In a significant stride toward revolutionizing space propulsion, Helicity Space, a California-based startup specializing in fusion engines for spaceflight, has successfully raised $5 million in a seed funding round announced on December 11. The funding round drew support from notable investors, including Airbus Ventures, TRE Ventures, Voyager Space Holdings, E2MC Space, Urania Ventures, and Gaingels.

Founded in Pasadena in 2018, Helicity kept a low profile during its early years, meticulously ensuring the project’s feasibility and garnering support from strategic partners. Co-founder Stephane Lintner, a former managing director at Goldman Sachs with a Ph.D. in applied mathematics from the California Institute of Technology, expressed gratitude for the backing received from long-term strategic partners, considering them as potential future clients.

The latest funding injection will enable Helicity to deliver a proof-of-concept fusion drive, a critical milestone before deploying the technology in space. Lintner emphasized the importance of demonstrating the full functionality of the device on Earth at a smaller scale, showcasing the novelty of their concept.

Fusion power, long a subject of science fiction, holds the promise of clean and abundant energy. For spaceflight, fusion engines could significantly reduce travel time to destinations such as Mars and beyond. Lintner highlighted the necessity of a different kind of propulsion for deep space missions, emphasizing fusion’s efficiency in freeing up substantial energy with minimal fuel consumption.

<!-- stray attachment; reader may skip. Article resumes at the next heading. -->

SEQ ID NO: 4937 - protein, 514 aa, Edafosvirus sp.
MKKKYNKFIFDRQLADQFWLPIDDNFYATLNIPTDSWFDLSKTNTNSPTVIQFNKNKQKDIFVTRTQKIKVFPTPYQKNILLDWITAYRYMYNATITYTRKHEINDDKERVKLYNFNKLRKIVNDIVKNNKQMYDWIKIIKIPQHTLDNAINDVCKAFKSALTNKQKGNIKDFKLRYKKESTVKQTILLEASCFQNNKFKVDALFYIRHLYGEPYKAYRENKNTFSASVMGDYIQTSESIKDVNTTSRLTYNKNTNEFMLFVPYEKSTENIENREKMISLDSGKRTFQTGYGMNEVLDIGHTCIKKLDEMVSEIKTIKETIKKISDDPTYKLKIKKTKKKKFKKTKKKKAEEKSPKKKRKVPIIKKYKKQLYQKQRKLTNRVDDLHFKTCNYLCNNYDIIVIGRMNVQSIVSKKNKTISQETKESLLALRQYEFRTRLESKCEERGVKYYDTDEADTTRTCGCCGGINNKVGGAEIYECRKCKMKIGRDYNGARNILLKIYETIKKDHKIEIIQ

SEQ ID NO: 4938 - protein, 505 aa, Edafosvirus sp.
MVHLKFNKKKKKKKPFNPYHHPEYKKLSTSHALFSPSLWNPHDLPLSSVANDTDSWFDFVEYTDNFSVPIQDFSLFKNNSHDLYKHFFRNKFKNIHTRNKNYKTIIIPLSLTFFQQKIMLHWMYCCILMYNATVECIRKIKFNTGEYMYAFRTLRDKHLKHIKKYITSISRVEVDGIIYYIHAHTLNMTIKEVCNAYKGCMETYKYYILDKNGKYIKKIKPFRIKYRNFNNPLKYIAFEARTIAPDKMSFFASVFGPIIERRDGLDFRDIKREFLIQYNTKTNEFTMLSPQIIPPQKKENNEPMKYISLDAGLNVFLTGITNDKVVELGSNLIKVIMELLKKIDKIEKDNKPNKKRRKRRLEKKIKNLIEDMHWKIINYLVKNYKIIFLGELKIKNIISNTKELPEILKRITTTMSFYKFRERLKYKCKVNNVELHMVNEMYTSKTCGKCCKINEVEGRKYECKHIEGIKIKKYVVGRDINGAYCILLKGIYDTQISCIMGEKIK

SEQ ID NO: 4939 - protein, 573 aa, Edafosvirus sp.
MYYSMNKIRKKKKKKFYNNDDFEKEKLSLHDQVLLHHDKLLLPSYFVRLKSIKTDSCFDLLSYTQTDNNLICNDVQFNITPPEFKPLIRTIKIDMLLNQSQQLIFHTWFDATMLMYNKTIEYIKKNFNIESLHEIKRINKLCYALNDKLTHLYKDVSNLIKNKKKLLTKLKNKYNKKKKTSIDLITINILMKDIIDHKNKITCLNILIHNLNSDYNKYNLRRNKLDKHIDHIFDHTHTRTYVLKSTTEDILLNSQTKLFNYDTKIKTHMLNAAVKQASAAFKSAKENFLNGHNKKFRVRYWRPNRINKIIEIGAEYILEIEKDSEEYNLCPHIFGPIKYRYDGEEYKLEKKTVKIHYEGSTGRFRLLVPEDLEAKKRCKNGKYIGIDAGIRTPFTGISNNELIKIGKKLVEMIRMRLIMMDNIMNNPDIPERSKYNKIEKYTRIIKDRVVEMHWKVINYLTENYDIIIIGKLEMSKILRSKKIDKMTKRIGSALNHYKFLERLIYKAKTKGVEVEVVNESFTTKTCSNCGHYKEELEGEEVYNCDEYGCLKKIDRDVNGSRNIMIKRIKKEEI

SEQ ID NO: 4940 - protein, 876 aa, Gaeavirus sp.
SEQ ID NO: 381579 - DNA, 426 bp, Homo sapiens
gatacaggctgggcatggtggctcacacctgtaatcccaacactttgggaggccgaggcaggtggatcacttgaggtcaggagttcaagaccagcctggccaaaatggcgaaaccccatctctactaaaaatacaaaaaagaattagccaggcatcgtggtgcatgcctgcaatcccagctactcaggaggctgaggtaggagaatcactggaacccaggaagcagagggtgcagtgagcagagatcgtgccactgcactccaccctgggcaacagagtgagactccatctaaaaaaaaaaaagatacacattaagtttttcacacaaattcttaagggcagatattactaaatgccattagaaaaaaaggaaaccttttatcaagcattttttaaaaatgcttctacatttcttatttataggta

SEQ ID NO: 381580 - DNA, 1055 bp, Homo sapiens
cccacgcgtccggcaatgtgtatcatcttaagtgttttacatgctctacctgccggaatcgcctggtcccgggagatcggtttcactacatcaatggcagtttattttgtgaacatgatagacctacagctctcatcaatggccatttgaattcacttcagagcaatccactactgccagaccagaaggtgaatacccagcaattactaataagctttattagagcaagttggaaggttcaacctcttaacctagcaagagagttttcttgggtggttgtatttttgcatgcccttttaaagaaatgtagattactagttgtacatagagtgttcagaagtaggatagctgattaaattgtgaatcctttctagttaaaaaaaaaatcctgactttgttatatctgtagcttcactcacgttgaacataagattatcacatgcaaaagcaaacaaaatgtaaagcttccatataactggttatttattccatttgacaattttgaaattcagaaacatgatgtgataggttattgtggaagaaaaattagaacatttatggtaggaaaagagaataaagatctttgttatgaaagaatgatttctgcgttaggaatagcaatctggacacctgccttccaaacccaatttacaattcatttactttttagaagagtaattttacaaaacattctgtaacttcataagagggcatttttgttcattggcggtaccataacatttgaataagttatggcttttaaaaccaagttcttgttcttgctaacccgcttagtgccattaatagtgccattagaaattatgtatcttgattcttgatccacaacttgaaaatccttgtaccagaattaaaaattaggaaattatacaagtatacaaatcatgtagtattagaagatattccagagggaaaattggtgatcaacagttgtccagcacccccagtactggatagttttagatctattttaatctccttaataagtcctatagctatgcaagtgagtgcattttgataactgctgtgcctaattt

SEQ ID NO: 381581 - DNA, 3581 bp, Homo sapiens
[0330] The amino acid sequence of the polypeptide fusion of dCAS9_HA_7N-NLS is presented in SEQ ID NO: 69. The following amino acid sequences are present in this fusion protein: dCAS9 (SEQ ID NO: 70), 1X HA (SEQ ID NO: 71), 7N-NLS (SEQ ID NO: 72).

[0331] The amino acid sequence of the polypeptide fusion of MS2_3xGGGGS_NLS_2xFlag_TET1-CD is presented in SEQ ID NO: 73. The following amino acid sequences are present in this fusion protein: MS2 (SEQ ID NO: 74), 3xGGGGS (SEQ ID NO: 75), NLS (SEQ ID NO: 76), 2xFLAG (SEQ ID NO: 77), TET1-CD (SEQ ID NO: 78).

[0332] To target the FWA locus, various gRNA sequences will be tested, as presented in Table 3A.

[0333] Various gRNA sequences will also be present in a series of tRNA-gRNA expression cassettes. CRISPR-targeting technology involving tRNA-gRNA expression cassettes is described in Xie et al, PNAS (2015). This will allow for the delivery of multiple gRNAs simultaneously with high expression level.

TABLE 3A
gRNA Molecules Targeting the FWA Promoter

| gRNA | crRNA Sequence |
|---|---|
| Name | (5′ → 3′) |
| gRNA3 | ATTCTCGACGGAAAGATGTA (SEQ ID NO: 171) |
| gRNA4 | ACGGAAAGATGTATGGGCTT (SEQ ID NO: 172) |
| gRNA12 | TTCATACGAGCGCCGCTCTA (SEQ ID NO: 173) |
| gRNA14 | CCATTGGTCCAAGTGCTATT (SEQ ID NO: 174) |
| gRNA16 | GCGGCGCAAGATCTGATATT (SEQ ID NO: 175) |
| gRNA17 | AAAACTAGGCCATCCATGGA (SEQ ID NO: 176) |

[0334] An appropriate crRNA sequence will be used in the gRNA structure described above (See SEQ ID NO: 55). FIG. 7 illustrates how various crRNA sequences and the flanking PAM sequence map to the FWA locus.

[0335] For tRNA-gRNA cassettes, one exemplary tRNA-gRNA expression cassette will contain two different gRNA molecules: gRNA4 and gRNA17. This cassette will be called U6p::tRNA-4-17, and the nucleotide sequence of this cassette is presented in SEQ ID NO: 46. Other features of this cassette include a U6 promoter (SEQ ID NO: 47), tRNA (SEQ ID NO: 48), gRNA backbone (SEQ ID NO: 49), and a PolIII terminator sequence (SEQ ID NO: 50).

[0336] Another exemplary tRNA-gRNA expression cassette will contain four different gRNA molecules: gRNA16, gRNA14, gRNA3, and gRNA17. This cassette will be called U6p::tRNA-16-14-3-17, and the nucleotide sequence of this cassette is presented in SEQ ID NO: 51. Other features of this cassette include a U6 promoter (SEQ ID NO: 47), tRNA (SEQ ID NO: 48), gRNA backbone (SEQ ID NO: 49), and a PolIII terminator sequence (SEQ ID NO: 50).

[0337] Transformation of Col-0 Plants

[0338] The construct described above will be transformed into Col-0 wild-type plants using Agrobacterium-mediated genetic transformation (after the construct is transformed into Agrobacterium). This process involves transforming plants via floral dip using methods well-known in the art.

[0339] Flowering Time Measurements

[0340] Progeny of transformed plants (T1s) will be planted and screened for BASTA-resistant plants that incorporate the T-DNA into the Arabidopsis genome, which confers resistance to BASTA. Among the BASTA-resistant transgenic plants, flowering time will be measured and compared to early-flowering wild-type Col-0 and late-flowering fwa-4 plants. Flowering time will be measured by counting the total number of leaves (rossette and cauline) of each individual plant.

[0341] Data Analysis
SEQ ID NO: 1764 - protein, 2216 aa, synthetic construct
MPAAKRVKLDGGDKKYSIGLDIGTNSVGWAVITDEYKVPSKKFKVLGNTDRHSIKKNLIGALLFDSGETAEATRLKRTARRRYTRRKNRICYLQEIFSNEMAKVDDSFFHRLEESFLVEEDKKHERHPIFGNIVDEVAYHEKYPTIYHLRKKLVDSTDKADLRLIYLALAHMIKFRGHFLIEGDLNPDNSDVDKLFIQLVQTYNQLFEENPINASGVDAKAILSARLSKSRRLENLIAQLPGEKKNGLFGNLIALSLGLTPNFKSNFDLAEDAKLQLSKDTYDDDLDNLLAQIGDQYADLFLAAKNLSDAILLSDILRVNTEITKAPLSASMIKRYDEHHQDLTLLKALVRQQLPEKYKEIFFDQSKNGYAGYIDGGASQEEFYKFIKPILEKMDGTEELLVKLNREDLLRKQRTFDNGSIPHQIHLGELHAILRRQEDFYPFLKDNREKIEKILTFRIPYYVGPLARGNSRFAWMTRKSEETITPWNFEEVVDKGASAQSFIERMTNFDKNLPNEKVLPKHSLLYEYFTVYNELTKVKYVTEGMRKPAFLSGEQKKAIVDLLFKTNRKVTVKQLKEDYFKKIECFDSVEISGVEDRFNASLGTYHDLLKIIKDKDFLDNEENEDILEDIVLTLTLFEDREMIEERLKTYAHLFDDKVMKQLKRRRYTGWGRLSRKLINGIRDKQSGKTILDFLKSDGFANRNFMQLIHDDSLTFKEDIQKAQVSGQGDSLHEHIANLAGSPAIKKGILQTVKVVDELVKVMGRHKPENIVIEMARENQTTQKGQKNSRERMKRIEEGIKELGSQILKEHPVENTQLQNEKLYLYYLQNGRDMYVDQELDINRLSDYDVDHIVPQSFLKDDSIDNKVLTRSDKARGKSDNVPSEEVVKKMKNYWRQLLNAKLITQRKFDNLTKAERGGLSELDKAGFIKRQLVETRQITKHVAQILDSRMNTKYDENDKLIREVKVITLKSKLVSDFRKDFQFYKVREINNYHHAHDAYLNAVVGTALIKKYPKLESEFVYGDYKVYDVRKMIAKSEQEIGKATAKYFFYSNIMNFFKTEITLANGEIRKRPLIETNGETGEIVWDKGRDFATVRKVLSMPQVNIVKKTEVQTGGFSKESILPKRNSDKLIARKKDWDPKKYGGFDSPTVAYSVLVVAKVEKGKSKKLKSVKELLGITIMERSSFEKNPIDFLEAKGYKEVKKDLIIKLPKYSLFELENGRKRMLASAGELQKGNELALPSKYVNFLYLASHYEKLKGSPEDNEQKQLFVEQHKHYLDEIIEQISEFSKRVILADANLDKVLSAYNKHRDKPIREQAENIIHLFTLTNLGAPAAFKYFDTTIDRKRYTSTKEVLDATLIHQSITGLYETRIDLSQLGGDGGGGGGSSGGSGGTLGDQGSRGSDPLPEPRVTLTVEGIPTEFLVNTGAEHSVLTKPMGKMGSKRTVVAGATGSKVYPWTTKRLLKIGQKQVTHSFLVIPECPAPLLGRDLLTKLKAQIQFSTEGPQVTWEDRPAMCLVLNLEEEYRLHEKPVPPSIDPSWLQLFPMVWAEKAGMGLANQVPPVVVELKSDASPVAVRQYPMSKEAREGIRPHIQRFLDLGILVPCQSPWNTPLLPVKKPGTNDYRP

The technology behind Helicity’s fusion engines stems from the work of Setthivoine You, the company’s co-founder and chief scientist. You, a plasma physics researcher with a Ph.D. from Imperial College London, has patented fusion drive-related innovations. Helicity’s magneto-inertial fusion method, developed with space propulsion in mind, employs recombining plasma jets to create and control the conditions necessary for fusion.

Lewis Pinault, partner at Airbus Ventures, explained that Helicity’s approach to fusion reactions involves using multiple plasma jets, backed by years of research and supercomputer modeling. Pinault expressed confidence that Helicity Space is now transitioning from theory to reality by deploying and testing hardware.

Strategic advisors to Helicity include former NASA astronaut William Ready, retired U.S. Navy Captain, and former NASA Associate Administrator; Alan Stern, former NASA’s Science Mission Directorate leader with a Ph.D. in astrophysics; and Simon “Pete” Worden, former NASA Ames Research Center director and retired U.S. Air Force brigadier general with a Ph.D. in astronomy. The ongoing technology development and testing at Helicity’s Pasadena laboratory signal a promising future, potentially transforming humankind’s capacity for space mobility.

By Impact Lab